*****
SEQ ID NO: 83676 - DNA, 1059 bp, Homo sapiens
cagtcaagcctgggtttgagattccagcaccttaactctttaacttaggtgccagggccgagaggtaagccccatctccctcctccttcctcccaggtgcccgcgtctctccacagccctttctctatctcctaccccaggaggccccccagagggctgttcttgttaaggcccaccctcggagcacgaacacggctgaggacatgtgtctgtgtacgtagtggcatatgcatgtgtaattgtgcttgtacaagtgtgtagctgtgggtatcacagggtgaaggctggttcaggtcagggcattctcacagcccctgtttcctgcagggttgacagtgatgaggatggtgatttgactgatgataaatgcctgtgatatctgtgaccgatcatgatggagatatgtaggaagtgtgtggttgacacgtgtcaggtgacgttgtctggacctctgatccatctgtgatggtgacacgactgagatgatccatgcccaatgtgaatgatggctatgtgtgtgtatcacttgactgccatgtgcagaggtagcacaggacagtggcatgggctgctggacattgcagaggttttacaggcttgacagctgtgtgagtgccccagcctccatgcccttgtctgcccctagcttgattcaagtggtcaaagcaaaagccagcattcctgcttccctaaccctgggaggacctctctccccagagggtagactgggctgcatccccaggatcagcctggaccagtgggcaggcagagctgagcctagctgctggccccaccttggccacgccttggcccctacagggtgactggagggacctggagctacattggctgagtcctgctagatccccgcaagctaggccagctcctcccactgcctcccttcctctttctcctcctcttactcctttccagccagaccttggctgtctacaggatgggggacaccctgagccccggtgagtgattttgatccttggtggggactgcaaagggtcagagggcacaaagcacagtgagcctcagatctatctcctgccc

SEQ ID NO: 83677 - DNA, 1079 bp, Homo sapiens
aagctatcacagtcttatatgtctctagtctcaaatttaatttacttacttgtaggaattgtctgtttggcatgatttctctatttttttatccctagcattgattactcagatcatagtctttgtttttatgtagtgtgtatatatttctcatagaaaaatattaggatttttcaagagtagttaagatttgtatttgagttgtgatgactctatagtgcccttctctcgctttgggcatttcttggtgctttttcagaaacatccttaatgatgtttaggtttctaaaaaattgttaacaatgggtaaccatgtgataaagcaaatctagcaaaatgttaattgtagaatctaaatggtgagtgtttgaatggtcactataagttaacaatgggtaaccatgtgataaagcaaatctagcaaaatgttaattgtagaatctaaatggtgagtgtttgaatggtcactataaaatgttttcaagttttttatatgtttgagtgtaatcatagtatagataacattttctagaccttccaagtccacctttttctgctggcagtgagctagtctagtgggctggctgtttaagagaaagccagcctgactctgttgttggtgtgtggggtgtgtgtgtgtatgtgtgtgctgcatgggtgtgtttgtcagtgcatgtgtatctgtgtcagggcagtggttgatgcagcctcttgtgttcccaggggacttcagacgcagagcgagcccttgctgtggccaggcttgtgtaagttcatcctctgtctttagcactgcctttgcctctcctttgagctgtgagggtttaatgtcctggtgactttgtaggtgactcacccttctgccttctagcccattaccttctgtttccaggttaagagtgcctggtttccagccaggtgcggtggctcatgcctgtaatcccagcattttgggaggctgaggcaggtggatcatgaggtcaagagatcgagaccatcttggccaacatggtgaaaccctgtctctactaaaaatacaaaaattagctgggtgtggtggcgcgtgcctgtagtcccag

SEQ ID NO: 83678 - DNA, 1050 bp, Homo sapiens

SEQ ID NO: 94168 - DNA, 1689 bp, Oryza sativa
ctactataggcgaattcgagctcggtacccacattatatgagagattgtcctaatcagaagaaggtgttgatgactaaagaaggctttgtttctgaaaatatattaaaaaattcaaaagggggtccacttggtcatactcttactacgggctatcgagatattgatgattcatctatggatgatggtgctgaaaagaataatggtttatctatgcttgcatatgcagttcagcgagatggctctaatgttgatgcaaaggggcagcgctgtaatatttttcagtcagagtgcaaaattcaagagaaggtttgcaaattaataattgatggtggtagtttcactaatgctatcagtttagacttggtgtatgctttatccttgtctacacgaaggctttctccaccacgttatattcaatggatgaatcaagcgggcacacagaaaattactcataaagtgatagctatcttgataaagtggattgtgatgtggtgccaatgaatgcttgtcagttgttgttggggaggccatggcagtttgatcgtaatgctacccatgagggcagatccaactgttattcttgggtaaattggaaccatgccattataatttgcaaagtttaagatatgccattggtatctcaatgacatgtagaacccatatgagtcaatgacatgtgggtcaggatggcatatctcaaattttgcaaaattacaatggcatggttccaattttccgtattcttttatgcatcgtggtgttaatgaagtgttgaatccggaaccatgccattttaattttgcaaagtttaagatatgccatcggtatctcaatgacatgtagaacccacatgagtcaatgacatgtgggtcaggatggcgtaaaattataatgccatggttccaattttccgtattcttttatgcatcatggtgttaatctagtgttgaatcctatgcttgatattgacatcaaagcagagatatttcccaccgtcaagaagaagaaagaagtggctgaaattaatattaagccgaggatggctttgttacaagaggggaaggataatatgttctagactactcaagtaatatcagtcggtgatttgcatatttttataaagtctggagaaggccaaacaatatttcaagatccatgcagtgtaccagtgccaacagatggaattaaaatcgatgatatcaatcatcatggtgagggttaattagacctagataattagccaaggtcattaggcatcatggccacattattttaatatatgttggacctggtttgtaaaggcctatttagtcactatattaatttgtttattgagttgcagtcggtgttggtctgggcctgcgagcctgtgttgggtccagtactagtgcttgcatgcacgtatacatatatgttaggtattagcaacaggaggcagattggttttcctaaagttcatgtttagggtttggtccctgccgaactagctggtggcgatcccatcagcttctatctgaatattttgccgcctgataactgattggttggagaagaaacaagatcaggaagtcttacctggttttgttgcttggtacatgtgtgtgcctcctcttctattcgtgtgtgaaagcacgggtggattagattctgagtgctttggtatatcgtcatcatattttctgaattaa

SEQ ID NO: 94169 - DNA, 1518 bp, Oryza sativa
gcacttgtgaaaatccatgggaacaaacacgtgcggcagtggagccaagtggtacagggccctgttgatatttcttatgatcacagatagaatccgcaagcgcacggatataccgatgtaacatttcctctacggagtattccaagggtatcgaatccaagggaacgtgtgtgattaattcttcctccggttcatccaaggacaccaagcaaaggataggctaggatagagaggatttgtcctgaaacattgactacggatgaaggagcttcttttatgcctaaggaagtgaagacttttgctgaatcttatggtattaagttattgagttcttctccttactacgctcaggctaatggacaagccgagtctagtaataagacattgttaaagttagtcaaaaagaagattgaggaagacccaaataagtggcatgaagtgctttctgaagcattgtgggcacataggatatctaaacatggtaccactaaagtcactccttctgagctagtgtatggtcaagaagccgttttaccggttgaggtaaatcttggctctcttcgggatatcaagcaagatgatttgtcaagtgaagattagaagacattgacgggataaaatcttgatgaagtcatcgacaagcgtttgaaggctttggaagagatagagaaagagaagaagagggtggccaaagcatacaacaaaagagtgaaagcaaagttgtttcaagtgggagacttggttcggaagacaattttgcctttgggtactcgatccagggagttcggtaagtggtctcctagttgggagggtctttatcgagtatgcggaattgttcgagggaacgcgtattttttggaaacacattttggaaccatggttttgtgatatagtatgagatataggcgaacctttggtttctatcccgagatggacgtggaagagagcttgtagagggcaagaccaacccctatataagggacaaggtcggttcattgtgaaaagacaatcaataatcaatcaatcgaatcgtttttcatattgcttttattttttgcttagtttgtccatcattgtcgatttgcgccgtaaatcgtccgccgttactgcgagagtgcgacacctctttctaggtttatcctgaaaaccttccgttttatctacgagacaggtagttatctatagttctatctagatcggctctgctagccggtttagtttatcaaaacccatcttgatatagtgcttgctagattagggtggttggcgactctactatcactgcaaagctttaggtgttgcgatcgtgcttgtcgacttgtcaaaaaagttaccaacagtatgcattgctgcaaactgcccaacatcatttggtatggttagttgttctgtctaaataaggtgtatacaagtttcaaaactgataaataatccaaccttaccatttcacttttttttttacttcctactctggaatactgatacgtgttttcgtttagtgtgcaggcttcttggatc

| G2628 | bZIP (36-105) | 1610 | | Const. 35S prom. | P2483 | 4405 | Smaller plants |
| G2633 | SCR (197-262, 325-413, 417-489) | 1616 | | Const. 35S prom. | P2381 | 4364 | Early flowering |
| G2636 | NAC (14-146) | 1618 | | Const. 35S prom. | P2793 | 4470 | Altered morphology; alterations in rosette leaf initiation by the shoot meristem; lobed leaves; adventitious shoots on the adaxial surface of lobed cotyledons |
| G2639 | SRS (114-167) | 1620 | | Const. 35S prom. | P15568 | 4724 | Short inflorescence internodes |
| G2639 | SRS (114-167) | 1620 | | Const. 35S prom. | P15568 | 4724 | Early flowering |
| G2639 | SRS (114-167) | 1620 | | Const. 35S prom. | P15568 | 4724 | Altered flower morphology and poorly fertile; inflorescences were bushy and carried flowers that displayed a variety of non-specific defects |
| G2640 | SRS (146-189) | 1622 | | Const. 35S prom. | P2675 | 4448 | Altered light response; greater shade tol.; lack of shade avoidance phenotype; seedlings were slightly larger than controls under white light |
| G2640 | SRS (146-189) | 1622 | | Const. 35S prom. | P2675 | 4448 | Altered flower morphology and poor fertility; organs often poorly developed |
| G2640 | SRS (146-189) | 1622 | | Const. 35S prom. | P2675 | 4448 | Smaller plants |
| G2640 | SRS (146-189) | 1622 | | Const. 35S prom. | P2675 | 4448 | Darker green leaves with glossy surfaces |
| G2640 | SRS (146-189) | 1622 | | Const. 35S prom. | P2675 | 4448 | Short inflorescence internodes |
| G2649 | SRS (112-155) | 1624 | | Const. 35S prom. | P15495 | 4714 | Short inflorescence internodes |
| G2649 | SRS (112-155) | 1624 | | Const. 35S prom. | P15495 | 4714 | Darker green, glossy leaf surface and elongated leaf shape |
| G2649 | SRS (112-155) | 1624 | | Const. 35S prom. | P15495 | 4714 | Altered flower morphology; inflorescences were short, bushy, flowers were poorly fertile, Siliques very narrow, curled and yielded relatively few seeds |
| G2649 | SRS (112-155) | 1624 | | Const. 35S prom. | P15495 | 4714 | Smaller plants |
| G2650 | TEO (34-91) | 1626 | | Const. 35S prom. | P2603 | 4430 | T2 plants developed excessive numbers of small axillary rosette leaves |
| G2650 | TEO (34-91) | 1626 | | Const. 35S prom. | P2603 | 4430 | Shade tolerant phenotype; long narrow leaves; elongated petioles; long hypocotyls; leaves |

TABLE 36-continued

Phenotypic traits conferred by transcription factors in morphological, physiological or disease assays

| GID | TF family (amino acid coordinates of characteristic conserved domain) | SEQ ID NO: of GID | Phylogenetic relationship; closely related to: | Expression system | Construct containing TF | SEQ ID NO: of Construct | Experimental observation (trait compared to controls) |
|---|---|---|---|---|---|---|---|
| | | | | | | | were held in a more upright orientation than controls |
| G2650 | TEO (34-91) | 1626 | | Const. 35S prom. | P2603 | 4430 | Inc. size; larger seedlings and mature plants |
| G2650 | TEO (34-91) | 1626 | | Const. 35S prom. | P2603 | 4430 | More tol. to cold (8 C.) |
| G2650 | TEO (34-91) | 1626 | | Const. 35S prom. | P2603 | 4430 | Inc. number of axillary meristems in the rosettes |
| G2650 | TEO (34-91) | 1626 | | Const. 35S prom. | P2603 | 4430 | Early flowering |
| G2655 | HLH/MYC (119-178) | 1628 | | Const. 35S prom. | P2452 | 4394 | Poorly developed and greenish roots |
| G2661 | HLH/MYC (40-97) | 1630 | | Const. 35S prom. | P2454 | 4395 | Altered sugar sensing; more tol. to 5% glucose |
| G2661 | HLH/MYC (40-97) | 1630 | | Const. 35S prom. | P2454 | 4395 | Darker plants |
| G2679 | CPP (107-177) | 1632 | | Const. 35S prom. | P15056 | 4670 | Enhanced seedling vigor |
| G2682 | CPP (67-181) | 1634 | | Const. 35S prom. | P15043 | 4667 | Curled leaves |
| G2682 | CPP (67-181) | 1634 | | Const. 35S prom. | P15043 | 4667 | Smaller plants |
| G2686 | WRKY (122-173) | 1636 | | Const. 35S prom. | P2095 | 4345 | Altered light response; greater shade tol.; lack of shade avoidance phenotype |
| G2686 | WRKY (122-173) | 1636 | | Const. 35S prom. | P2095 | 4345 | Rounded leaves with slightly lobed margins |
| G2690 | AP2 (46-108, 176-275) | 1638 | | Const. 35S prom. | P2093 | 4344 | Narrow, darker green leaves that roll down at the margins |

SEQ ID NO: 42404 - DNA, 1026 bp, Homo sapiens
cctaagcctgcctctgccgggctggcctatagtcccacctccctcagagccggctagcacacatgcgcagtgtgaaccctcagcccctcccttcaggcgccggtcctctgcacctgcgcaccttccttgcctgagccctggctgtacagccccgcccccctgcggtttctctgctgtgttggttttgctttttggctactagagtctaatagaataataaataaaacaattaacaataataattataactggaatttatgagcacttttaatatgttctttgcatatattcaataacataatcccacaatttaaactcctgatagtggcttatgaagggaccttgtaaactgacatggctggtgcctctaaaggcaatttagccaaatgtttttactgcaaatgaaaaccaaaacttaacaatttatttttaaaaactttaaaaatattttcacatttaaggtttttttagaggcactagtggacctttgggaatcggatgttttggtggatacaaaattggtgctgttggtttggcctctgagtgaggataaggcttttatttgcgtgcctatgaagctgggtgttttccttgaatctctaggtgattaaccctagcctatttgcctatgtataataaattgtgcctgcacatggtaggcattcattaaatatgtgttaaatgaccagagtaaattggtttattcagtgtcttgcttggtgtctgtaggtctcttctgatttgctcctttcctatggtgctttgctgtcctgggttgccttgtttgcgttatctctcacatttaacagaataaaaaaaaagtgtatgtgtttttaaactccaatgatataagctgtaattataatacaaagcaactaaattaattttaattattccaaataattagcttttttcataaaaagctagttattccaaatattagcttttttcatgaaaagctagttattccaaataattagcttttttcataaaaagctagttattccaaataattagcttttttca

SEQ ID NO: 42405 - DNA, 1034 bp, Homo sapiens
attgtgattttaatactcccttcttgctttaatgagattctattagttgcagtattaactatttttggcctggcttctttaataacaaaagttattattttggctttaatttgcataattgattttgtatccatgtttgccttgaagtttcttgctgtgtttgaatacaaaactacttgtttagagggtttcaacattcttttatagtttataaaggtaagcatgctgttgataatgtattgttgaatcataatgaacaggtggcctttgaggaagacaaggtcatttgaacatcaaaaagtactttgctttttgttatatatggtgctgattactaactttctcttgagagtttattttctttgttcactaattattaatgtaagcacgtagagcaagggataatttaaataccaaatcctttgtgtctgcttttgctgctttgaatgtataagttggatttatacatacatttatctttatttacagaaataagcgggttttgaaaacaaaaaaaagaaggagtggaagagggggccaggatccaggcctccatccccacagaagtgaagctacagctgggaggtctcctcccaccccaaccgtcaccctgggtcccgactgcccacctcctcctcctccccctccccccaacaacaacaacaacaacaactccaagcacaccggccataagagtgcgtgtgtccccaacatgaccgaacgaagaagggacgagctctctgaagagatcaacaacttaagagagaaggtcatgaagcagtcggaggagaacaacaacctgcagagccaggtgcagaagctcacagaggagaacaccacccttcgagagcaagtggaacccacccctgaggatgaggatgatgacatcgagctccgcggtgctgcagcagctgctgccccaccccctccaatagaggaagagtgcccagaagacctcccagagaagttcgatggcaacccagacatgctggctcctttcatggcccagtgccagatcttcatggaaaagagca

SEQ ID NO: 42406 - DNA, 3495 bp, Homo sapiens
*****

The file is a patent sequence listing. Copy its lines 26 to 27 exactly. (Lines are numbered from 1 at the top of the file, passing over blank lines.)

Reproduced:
| G2650 | TEO (34-91) | 1626 | | Const. 35S prom. | P2603 | 4430 | Shade tolerant phenotype; long narrow leaves; elongated petioles; long hypocotyls; leaves |

TABLE 36-continued